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digitalmars.D - Ready for testing: vibe.d 0.7.26-alpha.3

reply =?UTF-8?Q?S=c3=b6nke_Ludwig?= <sludwig rejectedsoftware.com> writes:
Despite it's name, this release should be considered a beta release. PR 
#1268[1] will potentially still make it in, but otherwise only bug 
fixing will happen at this point. As with the previous versions, the 
final release will happen at the same time as DMD 2.069.0. Please use 
the chance to test for any remaining issues (simply run `dub upgrade 
--prerelease` on your project(s)).

Changes in this release:
https://github.com/rejectedsoftware/vibe.d/blob/master/CHANGELOG.md

[1]: https://github.com/rejectedsoftware/vibe.d/pull/1268
Oct 13 2015
next sibling parent reply Brad Anderson <eco gnuk.net> writes:
On Tuesday, 13 October 2015 at 07:38:33 UTC, Sönke Ludwig wrote:
 Despite it's name, this release should be considered a beta 
 release. PR #1268[1] will potentially still make it in, but 
 otherwise only bug fixing will happen at this point. As with 
 the previous versions, the final release will happen at the 
 same time as DMD 2.069.0. Please use the chance to test for any 
 remaining issues (simply run `dub upgrade --prerelease` on your 
 project(s)).

 Changes in this release:
 https://github.com/rejectedsoftware/vibe.d/blob/master/CHANGELOG.md

 [1]: https://github.com/rejectedsoftware/vibe.d/pull/1268
Trying out the new JS interface generation on a little toy project I'm getting: this.vote = function(winner, loser, on_error) { var url = "http://127.0.0.1:8008/vote"; var postbody = { "winner": toRestString(winner), "loser": toRestString(loser), }; var xhr = new XMLHttpRequest(); xhr.open('PUT', url, true); xhr.onload = function () { if (this.status >= 400) { if (on_error) on_error(JSON.parse(this.responseText)); else console.log(this.responseText); } else on_result(JSON.parse(this.responseText)); }; xhr.setRequestHeader('Content-Type', 'application/json'); xhr.send(JSON.stringify(postbody)); } The on_result was never defined before use. The interface method looks like this: property void vote(int winner, int loser); Really cool feature though.
Oct 13 2015
next sibling parent reply Brad Anderson <eco gnuk.net> writes:
On Wednesday, 14 October 2015 at 06:23:38 UTC, Brad Anderson 
wrote:
 [snip]
 The interface method looks like this:

      property void vote(int winner, int loser);
Actually: void vote(int winner, int loser);
Oct 13 2015
parent reply Colden Cullen <ColdenCullen gmail.com> writes:
On Wednesday, 14 October 2015 at 06:29:03 UTC, Brad Anderson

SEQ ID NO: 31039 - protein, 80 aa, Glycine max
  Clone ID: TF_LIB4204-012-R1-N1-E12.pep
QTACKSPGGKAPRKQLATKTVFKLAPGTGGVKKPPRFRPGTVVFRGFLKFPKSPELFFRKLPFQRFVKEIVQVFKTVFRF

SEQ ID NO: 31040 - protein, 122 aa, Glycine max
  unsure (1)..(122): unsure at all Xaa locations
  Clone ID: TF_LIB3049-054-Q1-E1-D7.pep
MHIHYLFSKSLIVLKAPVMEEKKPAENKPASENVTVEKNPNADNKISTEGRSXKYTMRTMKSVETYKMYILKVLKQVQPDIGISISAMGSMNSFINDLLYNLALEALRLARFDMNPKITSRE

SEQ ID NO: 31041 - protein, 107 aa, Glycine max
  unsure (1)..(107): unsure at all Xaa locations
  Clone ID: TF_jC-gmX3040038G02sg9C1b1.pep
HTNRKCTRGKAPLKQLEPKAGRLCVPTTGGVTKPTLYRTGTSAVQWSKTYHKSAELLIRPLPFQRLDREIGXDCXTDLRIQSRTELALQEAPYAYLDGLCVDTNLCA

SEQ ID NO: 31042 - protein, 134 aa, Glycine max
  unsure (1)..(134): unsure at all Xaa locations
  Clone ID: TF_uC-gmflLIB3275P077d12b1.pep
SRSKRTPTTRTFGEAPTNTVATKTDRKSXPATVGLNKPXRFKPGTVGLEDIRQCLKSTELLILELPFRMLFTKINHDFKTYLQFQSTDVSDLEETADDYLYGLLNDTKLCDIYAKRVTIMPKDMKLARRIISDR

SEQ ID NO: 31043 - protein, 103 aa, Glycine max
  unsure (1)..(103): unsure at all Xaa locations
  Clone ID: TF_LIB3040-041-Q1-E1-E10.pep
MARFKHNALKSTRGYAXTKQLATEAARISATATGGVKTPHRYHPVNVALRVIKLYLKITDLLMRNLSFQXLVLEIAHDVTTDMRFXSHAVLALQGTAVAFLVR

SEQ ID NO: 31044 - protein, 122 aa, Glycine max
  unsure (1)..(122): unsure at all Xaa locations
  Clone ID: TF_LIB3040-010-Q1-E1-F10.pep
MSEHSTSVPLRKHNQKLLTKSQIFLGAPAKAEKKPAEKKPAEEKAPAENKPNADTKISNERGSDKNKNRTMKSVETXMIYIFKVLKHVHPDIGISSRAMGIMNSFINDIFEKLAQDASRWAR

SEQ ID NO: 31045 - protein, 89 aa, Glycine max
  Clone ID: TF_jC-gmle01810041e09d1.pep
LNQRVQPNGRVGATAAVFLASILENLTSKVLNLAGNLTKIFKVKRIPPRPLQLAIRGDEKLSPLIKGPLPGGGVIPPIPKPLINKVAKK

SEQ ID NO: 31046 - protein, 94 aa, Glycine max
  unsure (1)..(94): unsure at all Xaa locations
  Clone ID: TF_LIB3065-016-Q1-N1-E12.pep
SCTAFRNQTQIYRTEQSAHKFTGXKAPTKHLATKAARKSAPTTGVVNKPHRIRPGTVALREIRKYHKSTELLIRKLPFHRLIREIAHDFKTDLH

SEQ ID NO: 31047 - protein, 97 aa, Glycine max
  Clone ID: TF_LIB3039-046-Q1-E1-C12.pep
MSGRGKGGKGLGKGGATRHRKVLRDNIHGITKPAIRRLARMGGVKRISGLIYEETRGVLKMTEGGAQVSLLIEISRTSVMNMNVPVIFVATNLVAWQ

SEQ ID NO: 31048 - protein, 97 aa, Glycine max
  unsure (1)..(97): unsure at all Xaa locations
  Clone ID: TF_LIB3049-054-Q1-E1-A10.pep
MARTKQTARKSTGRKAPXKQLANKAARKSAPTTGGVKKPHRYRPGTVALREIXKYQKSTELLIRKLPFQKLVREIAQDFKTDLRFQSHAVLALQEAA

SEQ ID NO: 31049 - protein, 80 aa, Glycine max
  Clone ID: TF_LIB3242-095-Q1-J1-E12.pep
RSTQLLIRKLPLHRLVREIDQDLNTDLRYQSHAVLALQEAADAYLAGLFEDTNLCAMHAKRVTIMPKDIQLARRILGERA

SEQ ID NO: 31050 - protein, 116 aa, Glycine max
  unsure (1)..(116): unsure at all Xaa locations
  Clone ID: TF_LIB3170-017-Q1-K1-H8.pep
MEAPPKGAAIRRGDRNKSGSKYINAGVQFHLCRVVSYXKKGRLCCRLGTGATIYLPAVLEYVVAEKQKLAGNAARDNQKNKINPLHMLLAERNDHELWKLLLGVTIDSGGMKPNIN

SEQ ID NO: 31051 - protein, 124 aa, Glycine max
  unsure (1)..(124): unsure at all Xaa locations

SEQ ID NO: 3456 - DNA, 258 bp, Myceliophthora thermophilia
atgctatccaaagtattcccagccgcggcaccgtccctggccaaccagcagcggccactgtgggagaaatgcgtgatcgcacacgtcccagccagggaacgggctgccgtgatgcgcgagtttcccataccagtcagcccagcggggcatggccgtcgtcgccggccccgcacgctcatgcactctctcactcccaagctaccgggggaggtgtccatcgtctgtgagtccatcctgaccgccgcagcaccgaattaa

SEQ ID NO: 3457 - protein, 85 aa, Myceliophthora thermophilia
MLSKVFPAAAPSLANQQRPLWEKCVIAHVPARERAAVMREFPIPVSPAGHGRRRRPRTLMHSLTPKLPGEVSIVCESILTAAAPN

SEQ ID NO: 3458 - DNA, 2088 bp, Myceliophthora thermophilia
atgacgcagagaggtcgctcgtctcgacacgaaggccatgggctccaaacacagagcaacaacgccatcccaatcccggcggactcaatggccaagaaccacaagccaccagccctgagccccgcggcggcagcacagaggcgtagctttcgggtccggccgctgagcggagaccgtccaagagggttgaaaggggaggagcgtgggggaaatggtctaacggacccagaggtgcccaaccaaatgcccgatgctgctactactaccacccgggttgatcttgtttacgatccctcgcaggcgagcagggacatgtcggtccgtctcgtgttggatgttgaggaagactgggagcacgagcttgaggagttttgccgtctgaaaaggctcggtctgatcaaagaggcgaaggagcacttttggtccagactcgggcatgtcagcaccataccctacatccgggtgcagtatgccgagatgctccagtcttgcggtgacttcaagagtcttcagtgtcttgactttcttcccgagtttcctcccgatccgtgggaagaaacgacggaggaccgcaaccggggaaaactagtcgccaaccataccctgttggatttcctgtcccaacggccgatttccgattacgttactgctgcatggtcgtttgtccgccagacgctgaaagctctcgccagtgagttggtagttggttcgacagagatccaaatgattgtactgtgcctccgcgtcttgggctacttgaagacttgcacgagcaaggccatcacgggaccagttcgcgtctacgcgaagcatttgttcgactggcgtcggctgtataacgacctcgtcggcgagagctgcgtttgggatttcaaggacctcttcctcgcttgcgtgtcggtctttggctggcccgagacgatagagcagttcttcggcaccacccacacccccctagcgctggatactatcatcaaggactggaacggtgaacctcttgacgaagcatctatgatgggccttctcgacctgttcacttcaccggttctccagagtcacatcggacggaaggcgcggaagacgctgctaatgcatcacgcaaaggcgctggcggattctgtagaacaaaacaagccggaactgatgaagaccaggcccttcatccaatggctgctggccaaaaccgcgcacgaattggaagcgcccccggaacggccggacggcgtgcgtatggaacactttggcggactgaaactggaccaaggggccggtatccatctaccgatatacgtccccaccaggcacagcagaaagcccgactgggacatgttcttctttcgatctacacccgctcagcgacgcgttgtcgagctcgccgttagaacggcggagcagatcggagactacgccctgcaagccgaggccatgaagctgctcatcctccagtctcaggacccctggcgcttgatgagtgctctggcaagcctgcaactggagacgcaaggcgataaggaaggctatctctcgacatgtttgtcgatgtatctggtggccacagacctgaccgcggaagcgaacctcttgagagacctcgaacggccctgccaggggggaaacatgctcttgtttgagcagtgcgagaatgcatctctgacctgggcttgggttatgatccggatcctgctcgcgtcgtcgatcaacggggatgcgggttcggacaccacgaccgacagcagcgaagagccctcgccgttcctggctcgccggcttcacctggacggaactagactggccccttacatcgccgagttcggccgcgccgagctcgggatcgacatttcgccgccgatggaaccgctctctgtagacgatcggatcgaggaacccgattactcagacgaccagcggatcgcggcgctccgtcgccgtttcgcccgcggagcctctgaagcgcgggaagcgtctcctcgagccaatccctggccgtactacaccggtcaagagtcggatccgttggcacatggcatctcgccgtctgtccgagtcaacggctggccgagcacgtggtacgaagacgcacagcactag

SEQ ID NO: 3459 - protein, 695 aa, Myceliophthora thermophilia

wrote:
 [snip]
https://github.com/rejectedsoftware/vibe.d/pull/1293
Oct 13 2015
parent Brad Anderson <eco gnuk.net> writes:
On Wednesday, 14 October 2015 at 06:50:18 UTC, Colden Cullen 
wrote:
 On Wednesday, 14 October 2015 at 06:29:03 UTC, Brad Anderson 
 wrote:
 [snip]
https://github.com/rejectedsoftware/vibe.d/pull/1293
Great!
Oct 13 2015
prev sibling parent reply Sebastiaan Koppe <mail skoppe.eu> writes:
On Wednesday, 14 October 2015 at 06:23:38 UTC, Brad Anderson 
wrote:
 Trying out the new JS interface generation on a little toy 
 project I'm getting:

 [...]

 Really cool feature though.
I really have to say I fail to see any value in that JS interface generation feature. The idea is nice, but it needs adapters to common ajax libraries, instead of homegrown stuff.
Oct 30 2015
next sibling parent =?UTF-8?Q?S=c3=b6nke_Ludwig?= <sludwig rejectedsoftware.com> writes:
Am 30.10.2015 um 17:16 schrieb Sebastiaan Koppe:
 On Wednesday, 14 October 2015 at 06:23:38 UTC, Brad Anderson wrote:
 Trying out the new JS interface generation on a little toy project I'm
 getting:

 [...]

 Really cool feature though.
I really have to say I fail to see any value in that JS interface generation feature. The idea is nice, but it needs adapters to common ajax libraries, instead of homegrown stuff.
Well, you can always call normal JS functions from any framework, even if that doesn't exploit the full potential. This was mainly meant as a proof-of-concept implementation that works universally, but I agree that specialized implementations would be the logical next step.
Oct 30 2015
prev sibling parent reply Brad Anderson <eco gnuk.net> writes:
On Friday, 30 October 2015 at 16:16:11 UTC, Sebastiaan Koppe 
wrote:
 On Wednesday, 14 October 2015 at 06:23:38 UTC, Brad Anderson 
 wrote:
 Trying out the new JS interface generation on a little toy 
 project I'm getting:

 [...]

 Really cool feature though.
I really have to say I fail to see any value in that JS interface generation feature. The idea is nice, but it needs adapters to common ajax libraries, instead of homegrown stuff.
I'm not really a web developer. Do you have any examples of what you mean?
Oct 30 2015
parent reply Sebastiaan Koppe <mail skoppe.eu> writes:
On Friday, 30 October 2015 at 21:03:21 UTC, Brad Anderson wrote:
 On Friday, 30 October 2015 at 16:16:11 UTC, Sebastiaan Koppe
 I really have to say I fail to see any value in that JS 
 interface generation feature. The idea is nice, but it needs 
 adapters to common ajax libraries, instead of homegrown stuff.
I'm not really a web developer. Do you have any examples of what you mean?
In frontend development people are likely to use the same framework/library they used last time, in order to speed up development. Besides know-how, most of that stuff is battle-tested. There are lots of quirks with ajax and getting everything right takes time. Take for instance the variety of errors (that nobody seems to check on): bad request, exception on server, cors errors, wrong response type, connection timeout (server down), no internet. (I live in China and the great firewall leaves a lot of websites in a half working state. There are only a few sites that catch these failures and notify the user, everything else just freezes.) I personally am a big fan of React and RxJS, so if I do anything with ajax, it's convenient to use ajax extensions for RxJS, since I am using it anyway. So, given that it takes time to develop your own ajax lib, and people already use frameworks/libraries that have good ajax support, it makes no sense to develop your own. Instead, what you want to do is generate code that uses one of those libraries. Here is an example of how an ajax call looks like using RxDom, an extension for RxJS: ``` import RxDom from 'rx-dom'; module.exports={ status: () => { return RxDom.DOM.ajax( { url:"/api/v1/status", method:"GET", responseType:"json" }).pluck('response'); }, //.... } ```